Regional Cancer Center ~ Erie, PA

Introducing Stereotactic Radiosurgery (SRS)

Jan 19, 2010 | Posted in News

Stereotactic Radiosurgery (SRS) is a treatment technology focuses high-dose radiation upon a desired target with surgical precision.

SRS requires the collaboration of a multidisciplinary team of physicians bringing consultative expertise together on a single case with a radiation oncologist as point person. Brain and spine cancers are among the more intricate applications of SRS and involve area neurosurgeons Daniel Muccio, MD (Saint Vincent Health Center) and Isam Khoja, MD (Hamot Medical Center). Multidisciplinary collaboration for SRS enhances the technology available at The RCC and brings new treatment options to select cancer patients who are not candidates for conventional surgery and those who have tumors that cannot be treated surgically.

Additional applications of SRS include cancers of the spine, lung, prostate, liver, head and neck and pancreas.

SRS is an extremely precise radiation therapy, and an important alternative to minimally invasive surgery. The technique utilizes three-dimensional targeting, imaging and complex computer-assisted planning. Six coordinates are used to administer a high dose of radiation to a very specific area – accuracy is within 1 mm. The treatment system incorporates optical positioning technology that provides continuous confirmation of patient positioning in real time. For certain patients SRS has clear advantages over brain surgery because it is less invasive and there is significantly less recovery time.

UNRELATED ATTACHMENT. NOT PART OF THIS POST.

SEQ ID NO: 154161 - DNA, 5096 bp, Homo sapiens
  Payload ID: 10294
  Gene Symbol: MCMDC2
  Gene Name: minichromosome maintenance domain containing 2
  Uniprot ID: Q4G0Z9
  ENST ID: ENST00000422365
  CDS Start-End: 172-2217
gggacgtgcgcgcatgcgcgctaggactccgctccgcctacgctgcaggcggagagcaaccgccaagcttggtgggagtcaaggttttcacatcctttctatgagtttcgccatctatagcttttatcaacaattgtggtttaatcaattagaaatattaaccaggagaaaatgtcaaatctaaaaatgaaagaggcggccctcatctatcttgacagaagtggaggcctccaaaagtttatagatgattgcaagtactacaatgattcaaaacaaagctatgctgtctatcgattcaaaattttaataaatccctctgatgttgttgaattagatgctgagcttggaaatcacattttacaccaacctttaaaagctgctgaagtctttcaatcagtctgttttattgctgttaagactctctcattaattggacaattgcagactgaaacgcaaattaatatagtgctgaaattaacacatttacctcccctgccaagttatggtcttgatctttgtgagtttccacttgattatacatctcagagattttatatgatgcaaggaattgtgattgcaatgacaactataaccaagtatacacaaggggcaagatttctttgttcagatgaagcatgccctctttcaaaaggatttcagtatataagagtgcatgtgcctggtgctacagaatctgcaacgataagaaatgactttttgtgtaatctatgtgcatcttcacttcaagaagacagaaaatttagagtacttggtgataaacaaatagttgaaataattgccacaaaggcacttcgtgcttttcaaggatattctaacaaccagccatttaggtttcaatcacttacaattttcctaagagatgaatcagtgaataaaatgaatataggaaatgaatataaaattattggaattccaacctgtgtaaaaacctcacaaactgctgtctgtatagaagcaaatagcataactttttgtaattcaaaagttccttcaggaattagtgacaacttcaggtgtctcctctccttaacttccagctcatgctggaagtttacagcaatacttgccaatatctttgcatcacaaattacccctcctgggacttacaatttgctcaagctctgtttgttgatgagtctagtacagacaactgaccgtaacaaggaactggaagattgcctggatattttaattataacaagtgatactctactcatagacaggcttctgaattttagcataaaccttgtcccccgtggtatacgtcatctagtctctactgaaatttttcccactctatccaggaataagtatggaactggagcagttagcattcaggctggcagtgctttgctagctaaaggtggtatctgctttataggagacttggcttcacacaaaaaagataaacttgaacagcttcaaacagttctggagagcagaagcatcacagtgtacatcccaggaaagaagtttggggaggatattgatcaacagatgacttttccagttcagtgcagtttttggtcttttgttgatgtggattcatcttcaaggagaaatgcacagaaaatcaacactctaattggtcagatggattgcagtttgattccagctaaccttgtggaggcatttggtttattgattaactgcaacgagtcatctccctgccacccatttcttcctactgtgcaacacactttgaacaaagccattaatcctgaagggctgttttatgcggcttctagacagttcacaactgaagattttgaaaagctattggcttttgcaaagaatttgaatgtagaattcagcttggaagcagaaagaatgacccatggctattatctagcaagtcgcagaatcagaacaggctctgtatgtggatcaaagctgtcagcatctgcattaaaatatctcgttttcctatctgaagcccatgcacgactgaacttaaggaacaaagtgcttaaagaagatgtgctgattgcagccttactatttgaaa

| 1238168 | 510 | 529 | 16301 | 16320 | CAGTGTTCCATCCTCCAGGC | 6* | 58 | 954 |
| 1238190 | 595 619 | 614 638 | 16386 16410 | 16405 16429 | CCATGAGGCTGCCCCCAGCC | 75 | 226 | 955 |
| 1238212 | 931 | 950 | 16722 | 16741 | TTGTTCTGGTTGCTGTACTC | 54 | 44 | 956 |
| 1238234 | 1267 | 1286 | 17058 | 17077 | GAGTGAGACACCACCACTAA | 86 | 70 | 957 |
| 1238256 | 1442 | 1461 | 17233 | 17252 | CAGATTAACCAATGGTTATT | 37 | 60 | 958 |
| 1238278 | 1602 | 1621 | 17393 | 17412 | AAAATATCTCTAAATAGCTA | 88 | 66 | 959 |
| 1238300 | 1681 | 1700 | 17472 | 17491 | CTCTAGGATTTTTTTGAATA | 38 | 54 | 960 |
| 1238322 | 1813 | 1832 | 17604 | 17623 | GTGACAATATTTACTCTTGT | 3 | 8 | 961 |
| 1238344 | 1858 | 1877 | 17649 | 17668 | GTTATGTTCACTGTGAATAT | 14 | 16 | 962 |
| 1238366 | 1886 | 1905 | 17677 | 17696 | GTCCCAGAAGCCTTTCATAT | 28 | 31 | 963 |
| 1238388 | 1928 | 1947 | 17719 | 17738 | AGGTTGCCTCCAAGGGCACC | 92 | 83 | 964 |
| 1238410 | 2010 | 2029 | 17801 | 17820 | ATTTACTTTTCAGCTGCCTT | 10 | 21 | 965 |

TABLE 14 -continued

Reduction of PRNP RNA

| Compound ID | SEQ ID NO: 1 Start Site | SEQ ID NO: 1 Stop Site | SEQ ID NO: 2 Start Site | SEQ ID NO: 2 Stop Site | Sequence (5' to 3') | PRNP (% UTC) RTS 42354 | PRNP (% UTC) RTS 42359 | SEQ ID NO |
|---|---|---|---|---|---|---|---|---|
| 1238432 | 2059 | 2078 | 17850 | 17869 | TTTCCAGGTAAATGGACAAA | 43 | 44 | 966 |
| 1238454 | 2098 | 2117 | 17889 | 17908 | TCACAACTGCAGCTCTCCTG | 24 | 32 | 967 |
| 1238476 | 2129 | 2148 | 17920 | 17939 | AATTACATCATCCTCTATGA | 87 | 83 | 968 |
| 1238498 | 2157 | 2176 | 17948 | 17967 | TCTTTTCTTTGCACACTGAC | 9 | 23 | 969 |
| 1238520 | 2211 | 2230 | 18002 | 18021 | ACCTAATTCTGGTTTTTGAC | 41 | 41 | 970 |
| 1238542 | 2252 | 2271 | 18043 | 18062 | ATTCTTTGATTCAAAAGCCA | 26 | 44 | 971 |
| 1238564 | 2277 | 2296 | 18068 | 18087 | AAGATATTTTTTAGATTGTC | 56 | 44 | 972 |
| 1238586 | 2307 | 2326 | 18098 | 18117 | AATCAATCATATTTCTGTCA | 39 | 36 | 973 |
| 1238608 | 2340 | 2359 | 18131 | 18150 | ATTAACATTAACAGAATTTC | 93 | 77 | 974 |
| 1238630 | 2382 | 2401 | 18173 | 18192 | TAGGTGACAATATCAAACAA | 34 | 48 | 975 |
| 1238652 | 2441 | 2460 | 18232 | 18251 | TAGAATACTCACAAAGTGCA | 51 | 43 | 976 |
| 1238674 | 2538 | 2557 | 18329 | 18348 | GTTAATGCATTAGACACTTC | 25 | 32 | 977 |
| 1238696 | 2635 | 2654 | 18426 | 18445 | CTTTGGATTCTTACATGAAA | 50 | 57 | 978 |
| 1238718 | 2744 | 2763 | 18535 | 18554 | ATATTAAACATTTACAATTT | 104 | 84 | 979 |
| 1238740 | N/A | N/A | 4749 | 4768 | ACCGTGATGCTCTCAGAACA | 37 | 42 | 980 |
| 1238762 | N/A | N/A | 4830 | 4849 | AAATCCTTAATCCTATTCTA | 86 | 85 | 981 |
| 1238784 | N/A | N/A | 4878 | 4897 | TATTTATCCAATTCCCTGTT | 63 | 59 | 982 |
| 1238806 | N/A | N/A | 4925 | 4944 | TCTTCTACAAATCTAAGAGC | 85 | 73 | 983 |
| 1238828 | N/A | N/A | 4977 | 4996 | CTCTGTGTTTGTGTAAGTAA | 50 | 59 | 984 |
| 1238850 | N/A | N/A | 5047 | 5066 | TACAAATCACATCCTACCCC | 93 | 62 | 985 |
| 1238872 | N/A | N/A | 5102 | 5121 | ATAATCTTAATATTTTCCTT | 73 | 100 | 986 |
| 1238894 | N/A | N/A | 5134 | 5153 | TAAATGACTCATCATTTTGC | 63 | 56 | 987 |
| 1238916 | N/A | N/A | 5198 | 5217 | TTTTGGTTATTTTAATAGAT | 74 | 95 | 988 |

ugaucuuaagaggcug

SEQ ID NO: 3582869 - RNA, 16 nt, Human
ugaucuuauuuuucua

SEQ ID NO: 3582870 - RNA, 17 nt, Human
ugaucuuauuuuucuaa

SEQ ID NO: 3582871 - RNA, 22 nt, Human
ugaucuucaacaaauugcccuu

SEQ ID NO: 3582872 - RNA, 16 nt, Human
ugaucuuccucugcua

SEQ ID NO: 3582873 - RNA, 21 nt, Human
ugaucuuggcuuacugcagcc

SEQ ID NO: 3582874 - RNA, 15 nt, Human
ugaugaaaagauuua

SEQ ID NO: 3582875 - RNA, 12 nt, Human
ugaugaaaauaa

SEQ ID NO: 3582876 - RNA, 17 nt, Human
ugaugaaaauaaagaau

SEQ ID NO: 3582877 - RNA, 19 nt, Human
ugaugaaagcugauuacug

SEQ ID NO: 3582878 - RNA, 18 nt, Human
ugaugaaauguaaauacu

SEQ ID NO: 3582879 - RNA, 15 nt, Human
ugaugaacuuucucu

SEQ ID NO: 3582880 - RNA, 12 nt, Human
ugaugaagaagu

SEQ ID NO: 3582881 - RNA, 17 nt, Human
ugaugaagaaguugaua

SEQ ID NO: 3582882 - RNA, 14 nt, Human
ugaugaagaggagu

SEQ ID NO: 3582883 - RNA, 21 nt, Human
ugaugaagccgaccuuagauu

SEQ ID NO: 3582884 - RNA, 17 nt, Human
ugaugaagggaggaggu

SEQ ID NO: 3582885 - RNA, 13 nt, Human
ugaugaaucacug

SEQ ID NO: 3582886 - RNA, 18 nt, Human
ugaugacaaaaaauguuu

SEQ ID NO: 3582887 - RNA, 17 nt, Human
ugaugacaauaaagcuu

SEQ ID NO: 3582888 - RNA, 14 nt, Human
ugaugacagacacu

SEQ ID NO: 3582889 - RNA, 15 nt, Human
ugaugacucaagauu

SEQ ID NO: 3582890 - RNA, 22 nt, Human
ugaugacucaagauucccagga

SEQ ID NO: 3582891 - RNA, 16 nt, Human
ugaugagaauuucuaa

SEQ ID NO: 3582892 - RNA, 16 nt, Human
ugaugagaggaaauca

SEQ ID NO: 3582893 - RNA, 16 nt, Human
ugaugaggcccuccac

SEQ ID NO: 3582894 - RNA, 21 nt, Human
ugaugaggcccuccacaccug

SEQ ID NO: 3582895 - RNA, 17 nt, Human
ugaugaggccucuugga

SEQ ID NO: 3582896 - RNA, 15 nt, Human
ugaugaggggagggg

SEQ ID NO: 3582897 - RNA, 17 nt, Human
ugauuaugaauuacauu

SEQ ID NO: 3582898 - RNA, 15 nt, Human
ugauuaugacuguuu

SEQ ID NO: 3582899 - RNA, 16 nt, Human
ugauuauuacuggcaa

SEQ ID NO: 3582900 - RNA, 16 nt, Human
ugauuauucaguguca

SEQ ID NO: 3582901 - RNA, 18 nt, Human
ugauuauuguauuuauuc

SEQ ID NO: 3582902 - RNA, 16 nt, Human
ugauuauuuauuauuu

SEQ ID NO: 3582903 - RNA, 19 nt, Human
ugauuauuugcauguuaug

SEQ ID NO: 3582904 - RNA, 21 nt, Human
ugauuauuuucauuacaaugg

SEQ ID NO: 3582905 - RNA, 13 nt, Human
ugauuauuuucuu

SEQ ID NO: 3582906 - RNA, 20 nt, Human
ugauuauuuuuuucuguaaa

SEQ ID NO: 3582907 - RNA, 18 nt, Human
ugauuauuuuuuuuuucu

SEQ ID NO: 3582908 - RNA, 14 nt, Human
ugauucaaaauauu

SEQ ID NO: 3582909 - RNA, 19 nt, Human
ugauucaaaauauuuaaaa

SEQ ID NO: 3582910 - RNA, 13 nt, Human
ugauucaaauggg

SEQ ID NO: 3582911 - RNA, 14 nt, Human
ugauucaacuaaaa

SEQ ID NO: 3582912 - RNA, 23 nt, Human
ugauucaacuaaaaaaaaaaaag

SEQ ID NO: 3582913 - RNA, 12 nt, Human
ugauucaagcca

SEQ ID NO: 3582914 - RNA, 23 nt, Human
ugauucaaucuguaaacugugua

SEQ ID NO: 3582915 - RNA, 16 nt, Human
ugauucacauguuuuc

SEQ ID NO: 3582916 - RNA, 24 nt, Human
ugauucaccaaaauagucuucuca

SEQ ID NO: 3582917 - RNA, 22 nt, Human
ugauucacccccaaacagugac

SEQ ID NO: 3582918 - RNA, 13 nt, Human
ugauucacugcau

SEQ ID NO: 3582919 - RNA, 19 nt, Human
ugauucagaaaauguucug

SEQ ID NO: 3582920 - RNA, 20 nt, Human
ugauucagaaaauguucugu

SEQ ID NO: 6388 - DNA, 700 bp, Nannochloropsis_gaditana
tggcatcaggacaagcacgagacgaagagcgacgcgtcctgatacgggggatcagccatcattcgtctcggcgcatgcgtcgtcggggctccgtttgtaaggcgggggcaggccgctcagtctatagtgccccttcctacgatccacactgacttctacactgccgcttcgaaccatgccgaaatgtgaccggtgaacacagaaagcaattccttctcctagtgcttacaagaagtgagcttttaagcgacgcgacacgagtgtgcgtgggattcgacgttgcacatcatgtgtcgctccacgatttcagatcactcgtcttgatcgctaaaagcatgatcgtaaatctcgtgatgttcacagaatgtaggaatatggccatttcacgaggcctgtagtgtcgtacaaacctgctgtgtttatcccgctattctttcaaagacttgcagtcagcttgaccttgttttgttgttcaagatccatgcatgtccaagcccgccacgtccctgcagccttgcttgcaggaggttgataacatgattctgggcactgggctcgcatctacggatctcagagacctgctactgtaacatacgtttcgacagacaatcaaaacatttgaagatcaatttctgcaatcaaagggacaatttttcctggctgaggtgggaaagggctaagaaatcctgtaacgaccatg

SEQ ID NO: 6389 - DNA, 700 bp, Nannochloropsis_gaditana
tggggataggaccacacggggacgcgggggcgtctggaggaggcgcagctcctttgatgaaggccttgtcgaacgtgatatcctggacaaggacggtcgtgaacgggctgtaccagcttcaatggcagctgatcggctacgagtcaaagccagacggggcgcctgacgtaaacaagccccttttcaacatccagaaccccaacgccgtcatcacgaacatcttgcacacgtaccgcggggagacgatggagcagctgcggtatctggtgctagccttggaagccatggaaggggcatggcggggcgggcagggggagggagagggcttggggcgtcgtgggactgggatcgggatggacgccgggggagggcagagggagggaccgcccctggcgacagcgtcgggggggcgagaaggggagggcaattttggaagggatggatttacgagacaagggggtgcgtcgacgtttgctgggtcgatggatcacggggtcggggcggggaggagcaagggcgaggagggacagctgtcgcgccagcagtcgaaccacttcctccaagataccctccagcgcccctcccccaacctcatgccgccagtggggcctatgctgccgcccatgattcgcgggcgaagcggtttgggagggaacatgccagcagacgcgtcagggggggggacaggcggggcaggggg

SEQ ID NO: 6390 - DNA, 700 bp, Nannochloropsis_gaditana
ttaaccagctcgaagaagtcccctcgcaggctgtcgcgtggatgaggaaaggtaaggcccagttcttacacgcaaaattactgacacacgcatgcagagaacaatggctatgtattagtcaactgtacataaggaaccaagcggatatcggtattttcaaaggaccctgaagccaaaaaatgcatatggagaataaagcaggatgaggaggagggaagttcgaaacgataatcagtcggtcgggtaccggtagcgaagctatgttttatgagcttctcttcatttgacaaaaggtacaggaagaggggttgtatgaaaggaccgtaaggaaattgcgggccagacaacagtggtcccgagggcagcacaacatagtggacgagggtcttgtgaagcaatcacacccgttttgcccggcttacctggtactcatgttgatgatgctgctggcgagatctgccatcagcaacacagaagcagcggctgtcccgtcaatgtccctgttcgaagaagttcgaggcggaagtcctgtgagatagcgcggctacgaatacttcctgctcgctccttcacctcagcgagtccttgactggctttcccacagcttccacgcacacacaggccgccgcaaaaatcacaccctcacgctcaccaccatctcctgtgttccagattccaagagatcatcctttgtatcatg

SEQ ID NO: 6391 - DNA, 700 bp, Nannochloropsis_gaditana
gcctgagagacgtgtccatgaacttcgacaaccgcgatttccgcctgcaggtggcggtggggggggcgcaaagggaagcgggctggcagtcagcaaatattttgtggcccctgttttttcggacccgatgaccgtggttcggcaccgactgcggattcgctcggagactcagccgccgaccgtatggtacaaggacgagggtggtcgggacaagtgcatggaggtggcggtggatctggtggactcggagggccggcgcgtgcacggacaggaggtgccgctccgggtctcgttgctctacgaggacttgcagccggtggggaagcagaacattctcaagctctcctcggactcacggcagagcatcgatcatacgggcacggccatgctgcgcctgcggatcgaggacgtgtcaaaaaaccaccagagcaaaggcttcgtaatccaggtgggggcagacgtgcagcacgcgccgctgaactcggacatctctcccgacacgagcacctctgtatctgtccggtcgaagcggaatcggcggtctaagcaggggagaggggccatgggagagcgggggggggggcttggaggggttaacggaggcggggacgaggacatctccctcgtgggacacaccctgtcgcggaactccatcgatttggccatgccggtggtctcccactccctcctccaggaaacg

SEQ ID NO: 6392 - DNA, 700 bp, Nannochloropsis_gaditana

SRS represents a new generation in cancer care. Patients with tumors that are adjacent to vital structures can benefit greatly from these highly-precise treatments. Intensity modulated radiosurgery allows sculpting of the dose precisely in order to conform to the tumor while sparing normal tissue. This substantially reduces side effects and improves patients’ quality of life.
RCC’s Trilogy, a highly specialized radiation therapy machine, is used to deliver this radiosurgery. Some treatments require only a single visit of one hour or less and multiple lesions can be treated at the same time.

For additional information on stereotactic radiosurgery:

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